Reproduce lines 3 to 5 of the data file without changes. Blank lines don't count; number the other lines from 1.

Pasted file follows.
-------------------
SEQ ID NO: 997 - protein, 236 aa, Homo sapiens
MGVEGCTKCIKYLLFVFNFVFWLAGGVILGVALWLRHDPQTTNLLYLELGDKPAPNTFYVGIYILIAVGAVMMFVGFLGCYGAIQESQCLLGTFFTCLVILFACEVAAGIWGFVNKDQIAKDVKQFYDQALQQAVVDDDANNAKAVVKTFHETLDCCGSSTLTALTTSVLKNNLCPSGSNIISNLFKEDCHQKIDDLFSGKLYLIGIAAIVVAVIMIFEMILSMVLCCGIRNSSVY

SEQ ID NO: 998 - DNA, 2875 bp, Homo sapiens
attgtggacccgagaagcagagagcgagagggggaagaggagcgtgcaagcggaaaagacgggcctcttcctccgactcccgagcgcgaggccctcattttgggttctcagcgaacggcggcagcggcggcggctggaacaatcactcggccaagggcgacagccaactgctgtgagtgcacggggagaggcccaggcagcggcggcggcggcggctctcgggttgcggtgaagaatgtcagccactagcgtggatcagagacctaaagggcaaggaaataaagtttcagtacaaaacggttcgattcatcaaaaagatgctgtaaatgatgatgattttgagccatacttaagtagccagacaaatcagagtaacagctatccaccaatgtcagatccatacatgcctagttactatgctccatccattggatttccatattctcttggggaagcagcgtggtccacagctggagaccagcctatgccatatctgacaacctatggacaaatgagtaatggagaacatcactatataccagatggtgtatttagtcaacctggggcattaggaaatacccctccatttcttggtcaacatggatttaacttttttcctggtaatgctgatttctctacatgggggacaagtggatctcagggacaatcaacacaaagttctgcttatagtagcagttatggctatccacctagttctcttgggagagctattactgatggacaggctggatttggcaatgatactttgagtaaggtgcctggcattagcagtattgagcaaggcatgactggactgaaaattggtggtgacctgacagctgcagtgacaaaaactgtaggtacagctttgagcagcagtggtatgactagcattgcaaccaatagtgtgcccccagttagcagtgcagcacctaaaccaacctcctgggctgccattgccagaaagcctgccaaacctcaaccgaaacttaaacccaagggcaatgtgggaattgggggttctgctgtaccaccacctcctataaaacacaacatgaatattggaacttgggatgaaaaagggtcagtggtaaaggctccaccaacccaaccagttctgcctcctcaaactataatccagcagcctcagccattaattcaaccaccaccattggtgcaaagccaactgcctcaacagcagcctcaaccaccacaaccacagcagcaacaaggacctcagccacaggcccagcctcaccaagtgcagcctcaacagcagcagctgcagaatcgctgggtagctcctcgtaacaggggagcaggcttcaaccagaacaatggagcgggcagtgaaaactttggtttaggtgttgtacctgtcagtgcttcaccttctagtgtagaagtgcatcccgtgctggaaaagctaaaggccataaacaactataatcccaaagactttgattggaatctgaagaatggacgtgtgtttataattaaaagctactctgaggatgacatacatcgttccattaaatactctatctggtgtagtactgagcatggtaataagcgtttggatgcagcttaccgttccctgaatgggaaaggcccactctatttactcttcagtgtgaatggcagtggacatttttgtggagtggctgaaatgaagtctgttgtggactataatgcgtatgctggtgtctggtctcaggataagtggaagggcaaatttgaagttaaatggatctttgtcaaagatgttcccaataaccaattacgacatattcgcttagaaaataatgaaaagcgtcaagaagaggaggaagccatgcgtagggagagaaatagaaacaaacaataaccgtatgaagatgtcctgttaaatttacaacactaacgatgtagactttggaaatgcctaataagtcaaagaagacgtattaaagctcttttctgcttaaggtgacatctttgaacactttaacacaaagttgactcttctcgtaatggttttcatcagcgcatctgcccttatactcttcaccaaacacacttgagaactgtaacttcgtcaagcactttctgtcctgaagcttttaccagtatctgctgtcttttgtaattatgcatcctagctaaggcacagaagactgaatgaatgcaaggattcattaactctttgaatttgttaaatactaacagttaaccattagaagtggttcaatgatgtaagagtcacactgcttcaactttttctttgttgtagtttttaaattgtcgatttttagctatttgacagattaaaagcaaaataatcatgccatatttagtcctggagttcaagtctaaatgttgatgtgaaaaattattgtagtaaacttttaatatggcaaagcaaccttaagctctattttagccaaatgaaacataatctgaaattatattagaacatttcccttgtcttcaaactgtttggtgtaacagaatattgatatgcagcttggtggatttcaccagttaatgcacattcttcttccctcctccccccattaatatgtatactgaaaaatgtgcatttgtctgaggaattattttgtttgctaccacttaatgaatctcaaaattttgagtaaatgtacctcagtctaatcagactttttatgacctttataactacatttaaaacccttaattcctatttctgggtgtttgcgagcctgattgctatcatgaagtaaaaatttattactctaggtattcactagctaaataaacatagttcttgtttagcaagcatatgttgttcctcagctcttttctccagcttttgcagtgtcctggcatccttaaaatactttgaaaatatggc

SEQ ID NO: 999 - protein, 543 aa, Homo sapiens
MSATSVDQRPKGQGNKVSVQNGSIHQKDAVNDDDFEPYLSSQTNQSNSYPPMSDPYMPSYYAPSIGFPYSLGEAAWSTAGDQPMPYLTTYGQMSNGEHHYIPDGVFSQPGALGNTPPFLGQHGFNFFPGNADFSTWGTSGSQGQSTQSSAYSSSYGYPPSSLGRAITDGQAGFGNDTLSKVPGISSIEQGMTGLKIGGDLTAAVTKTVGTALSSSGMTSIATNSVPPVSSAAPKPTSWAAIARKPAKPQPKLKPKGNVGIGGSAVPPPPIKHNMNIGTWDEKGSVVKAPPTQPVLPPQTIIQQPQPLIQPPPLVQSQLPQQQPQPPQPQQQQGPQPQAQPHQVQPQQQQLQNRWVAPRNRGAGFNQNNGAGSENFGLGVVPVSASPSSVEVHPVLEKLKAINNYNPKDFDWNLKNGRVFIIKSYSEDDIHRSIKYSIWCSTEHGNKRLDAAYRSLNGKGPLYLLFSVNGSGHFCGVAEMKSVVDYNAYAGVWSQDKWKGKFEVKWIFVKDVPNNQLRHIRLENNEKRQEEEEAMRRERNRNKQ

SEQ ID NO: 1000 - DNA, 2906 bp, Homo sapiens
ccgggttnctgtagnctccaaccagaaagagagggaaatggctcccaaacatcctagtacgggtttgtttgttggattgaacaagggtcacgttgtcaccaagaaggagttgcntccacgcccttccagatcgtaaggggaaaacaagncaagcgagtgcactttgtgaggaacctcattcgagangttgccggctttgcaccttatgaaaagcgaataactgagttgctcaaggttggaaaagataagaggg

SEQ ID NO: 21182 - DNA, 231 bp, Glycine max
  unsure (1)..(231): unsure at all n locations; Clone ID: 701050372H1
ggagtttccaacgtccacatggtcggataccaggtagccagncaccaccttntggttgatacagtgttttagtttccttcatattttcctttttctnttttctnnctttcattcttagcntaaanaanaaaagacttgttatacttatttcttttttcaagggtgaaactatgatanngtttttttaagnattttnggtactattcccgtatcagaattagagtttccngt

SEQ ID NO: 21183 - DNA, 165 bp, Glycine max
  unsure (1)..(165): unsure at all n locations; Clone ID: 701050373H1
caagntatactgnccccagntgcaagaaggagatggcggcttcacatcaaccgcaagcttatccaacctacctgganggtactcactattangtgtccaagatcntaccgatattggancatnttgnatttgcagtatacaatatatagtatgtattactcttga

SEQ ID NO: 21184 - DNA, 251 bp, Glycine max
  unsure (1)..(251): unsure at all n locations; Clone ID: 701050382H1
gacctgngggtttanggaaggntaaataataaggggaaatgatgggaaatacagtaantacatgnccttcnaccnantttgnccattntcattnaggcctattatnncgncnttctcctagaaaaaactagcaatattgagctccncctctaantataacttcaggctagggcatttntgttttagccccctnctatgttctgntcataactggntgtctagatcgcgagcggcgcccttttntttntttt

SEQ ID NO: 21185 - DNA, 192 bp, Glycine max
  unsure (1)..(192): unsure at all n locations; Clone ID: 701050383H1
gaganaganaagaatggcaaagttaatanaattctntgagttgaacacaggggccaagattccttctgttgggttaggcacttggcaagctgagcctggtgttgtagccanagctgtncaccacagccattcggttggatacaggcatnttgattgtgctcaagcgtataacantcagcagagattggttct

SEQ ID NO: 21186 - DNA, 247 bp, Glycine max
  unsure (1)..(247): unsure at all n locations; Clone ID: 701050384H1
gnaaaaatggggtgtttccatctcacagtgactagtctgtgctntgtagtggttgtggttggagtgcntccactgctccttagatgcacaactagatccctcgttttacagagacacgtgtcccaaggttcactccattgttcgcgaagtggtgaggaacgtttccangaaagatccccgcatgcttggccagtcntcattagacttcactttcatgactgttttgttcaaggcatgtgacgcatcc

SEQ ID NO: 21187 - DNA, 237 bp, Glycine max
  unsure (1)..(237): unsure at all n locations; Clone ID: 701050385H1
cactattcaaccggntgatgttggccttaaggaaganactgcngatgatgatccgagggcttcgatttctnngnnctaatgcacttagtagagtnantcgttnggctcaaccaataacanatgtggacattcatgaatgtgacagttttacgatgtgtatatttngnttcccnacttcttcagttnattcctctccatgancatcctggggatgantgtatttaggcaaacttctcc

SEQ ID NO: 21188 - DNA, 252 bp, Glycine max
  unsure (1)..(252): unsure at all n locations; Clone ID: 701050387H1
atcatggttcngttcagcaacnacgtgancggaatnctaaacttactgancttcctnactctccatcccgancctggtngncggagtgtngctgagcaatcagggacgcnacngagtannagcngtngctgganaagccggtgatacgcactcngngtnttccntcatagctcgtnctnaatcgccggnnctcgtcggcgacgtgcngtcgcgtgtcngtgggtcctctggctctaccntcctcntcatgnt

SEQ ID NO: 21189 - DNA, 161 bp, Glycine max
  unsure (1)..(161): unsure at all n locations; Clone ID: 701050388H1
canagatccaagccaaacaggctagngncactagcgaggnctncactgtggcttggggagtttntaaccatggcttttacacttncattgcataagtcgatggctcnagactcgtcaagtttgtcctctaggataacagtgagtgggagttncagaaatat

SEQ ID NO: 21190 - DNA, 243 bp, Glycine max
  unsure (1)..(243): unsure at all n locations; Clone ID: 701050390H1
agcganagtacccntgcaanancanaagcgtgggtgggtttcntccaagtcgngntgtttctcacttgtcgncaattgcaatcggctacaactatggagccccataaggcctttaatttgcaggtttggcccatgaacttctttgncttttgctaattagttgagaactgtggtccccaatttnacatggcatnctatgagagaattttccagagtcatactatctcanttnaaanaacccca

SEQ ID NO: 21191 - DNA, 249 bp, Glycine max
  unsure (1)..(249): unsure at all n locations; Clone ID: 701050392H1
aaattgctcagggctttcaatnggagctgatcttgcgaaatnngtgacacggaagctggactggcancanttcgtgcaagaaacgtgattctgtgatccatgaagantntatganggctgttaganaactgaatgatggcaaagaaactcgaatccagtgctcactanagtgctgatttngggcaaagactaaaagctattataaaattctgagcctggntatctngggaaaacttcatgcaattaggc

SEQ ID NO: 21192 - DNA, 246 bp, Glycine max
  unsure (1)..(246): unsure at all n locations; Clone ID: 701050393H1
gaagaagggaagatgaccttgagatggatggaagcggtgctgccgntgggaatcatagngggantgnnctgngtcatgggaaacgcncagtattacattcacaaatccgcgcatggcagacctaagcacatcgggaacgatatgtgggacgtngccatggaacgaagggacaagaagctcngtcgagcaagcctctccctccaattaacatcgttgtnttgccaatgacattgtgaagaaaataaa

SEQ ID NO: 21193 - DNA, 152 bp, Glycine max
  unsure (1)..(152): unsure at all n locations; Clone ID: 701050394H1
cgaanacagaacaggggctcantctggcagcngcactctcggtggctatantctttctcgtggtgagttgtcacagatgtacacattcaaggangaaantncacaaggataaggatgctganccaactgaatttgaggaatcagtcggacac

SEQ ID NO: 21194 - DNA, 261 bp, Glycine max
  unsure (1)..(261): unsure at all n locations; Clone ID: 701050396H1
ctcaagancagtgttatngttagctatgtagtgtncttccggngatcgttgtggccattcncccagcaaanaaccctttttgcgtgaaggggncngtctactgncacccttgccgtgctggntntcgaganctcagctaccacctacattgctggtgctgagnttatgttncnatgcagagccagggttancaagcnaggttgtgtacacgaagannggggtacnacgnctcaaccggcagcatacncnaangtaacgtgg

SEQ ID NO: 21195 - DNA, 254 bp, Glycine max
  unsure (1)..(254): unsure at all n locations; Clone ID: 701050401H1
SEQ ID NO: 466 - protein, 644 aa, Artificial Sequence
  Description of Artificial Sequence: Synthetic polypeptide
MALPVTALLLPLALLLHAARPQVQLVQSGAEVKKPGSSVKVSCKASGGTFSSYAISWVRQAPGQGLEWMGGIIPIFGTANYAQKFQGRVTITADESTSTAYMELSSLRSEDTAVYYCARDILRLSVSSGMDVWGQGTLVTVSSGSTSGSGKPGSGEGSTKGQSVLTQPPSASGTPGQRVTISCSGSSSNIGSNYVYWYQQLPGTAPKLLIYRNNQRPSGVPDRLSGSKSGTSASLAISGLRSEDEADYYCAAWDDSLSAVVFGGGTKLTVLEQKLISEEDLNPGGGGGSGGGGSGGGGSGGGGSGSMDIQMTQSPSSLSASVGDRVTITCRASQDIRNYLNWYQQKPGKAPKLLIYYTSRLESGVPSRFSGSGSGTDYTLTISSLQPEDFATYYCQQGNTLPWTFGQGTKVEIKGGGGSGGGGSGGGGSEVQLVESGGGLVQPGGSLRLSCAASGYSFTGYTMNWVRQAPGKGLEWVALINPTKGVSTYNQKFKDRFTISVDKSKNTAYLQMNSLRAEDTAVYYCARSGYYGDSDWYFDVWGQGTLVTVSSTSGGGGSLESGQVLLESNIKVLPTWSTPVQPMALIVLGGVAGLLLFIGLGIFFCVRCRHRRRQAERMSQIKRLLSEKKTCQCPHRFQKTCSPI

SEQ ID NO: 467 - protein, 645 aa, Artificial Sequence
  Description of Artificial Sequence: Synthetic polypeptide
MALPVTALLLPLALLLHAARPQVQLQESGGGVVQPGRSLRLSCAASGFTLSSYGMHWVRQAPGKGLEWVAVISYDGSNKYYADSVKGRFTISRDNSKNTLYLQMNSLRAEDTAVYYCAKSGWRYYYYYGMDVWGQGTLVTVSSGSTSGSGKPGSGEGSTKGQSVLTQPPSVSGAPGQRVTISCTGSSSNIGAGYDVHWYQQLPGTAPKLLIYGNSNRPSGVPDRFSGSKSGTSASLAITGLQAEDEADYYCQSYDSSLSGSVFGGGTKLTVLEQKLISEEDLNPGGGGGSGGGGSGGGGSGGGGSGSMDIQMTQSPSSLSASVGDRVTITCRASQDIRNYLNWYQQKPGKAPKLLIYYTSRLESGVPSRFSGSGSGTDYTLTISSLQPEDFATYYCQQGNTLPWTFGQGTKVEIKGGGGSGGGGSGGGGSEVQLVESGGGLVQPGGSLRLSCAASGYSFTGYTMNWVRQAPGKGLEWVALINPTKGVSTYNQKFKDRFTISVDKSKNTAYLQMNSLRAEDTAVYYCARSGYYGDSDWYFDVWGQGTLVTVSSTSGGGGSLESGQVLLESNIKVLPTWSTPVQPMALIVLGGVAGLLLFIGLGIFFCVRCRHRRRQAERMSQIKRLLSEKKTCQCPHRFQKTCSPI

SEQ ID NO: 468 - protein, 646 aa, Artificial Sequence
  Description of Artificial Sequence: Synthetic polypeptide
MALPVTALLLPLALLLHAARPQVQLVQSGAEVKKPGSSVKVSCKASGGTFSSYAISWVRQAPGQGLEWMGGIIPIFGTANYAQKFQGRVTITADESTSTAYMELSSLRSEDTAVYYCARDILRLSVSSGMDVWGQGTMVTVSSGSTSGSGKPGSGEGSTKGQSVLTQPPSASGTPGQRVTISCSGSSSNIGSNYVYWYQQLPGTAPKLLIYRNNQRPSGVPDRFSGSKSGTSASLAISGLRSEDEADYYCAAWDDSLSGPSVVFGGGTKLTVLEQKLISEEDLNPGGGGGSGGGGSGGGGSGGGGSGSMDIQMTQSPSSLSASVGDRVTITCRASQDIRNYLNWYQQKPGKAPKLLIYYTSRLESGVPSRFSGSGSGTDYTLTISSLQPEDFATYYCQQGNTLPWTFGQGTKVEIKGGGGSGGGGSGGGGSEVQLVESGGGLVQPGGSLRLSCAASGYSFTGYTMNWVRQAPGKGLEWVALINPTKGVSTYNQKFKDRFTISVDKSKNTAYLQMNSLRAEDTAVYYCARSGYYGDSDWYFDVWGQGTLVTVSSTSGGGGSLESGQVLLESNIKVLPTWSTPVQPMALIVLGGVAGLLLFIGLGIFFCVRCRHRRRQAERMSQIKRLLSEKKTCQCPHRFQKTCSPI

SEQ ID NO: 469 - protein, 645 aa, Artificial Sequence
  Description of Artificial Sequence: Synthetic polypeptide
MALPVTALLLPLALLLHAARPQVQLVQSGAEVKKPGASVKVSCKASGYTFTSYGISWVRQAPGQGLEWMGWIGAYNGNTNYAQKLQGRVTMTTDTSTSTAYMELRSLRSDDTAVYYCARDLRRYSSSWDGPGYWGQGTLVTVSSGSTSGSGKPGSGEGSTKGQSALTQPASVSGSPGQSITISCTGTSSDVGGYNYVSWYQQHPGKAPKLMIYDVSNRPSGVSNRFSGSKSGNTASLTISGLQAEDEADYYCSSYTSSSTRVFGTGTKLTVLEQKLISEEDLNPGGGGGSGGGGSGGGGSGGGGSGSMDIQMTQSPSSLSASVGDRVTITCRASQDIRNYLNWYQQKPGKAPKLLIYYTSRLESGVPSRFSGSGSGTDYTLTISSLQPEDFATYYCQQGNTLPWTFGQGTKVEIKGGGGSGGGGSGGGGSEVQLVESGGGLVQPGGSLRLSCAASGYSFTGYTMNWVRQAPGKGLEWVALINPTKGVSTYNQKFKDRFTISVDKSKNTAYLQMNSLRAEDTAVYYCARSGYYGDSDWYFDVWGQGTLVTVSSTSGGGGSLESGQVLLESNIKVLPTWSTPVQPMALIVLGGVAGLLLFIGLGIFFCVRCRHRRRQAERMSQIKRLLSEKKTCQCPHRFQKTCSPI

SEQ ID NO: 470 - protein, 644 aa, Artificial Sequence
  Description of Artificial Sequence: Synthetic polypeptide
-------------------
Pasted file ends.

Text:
SEQ ID NO: 998 - DNA, 2875 bp, Homo sapiens
attgtggacccgagaagcagagagcgagagggggaagaggagcgtgcaagcggaaaagacgggcctcttcctccgactcccgagcgcgaggccctcattttgggttctcagcgaacggcggcagcggcggcggctggaacaatcactcggccaagggcgacagccaactgctgtgagtgcacggggagaggcccaggcagcggcggcggcggcggctctcgggttgcggtgaagaatgtcagccactagcgtggatcagagacctaaagggcaaggaaataaagtttcagtacaaaacggttcgattcatcaaaaagatgctgtaaatgatgatgattttgagccatacttaagtagccagacaaatcagagtaacagctatccaccaatgtcagatccatacatgcctagttactatgctccatccattggatttccatattctcttggggaagcagcgtggtccacagctggagaccagcctatgccatatctgacaacctatggacaaatgagtaatggagaacatcactatataccagatggtgtatttagtcaacctggggcattaggaaatacccctccatttcttggtcaacatggatttaacttttttcctggtaatgctgatttctctacatgggggacaagtggatctcagggacaatcaacacaaagttctgcttatagtagcagttatggctatccacctagttctcttgggagagctattactgatggacaggctggatttggcaatgatactttgagtaaggtgcctggcattagcagtattgagcaaggcatgactggactgaaaattggtggtgacctgacagctgcagtgacaaaaactgtaggtacagctttgagcagcagtggtatgactagcattgcaaccaatagtgtgcccccagttagcagtgcagcacctaaaccaacctcctgggctgccattgccagaaagcctgccaaacctcaaccgaaacttaaacccaagggcaatgtgggaattgggggttctgctgtaccaccacctcctataaaacacaacatgaatattggaacttgggatgaaaaagggtcagtggtaaaggctccaccaacccaaccagttctgcctcctcaaactataatccagcagcctcagccattaattcaaccaccaccattggtgcaaagccaactgcctcaacagcagcctcaaccaccacaaccacagcagcaacaaggacctcagccacaggcccagcctcaccaagtgcagcctcaacagcagcagctgcagaatcgctgggtagctcctcgtaacaggggagcaggcttcaaccagaacaatggagcgggcagtgaaaactttggtttaggtgttgtacctgtcagtgcttcaccttctagtgtagaagtgcatcccgtgctggaaaagctaaaggccataaacaactataatcccaaagactttgattggaatctgaagaatggacgtgtgtttataattaaaagctactctgaggatgacatacatcgttccattaaatactctatctggtgtagtactgagcatggtaataagcgtttggatgcagcttaccgttccctgaatgggaaaggcccactctatttactcttcagtgtgaatggcagtggacatttttgtggagtggctgaaatgaagtctgttgtggactataatgcgtatgctggtgtctggtctcaggataagtggaagggcaaatttgaagttaaatggatctttgtcaaagatgttcccaataaccaattacgacatattcgcttagaaaataatgaaaagcgtcaagaagaggaggaagccatgcgtagggagagaaatagaaacaaacaataaccgtatgaagatgtcctgttaaatttacaacactaacgatgtagactttggaaatgcctaataagtcaaagaagacgtattaaagctcttttctgcttaaggtgacatctttgaacactttaacacaaagttgactcttctcgtaatggttttcatcagcgcatctgcccttatactcttcaccaaacacacttgagaactgtaacttcgtcaagcactttctgtcctgaagcttttaccagtatctgctgtcttttgtaattatgcatcctagctaaggcacagaagactgaatgaatgcaaggattcattaactctttgaatttgttaaatactaacagttaaccattagaagtggttcaatgatgtaagagtcacactgcttcaactttttctttgttgtagtttttaaattgtcgatttttagctatttgacagattaaaagcaaaataatcatgccatatttagtcctggagttcaagtctaaatgttgatgtgaaaaattattgtagtaaacttttaatatggcaaagcaaccttaagctctattttagccaaatgaaacataatctgaaattatattagaacatttcccttgtcttcaaactgtttggtgtaacagaatattgatatgcagcttggtggatttcaccagttaatgcacattcttcttccctcctccccccattaatatgtatactgaaaaatgtgcatttgtctgaggaattattttgtttgctaccacttaatgaatctcaaaattttgagtaaatgtacctcagtctaatcagactttttatgacctttataactacatttaaaacccttaattcctatttctgggtgtttgcgagcctgattgctatcatgaagtaaaaatttattactctaggtattcactagctaaataaacatagttcttgtttagcaagcatatgttgttcctcagctcttttctccagcttttgcagtgtcctggcatccttaaaatactttgaaaatatggc

SEQ ID NO: 999 - protein, 543 aa, Homo sapiens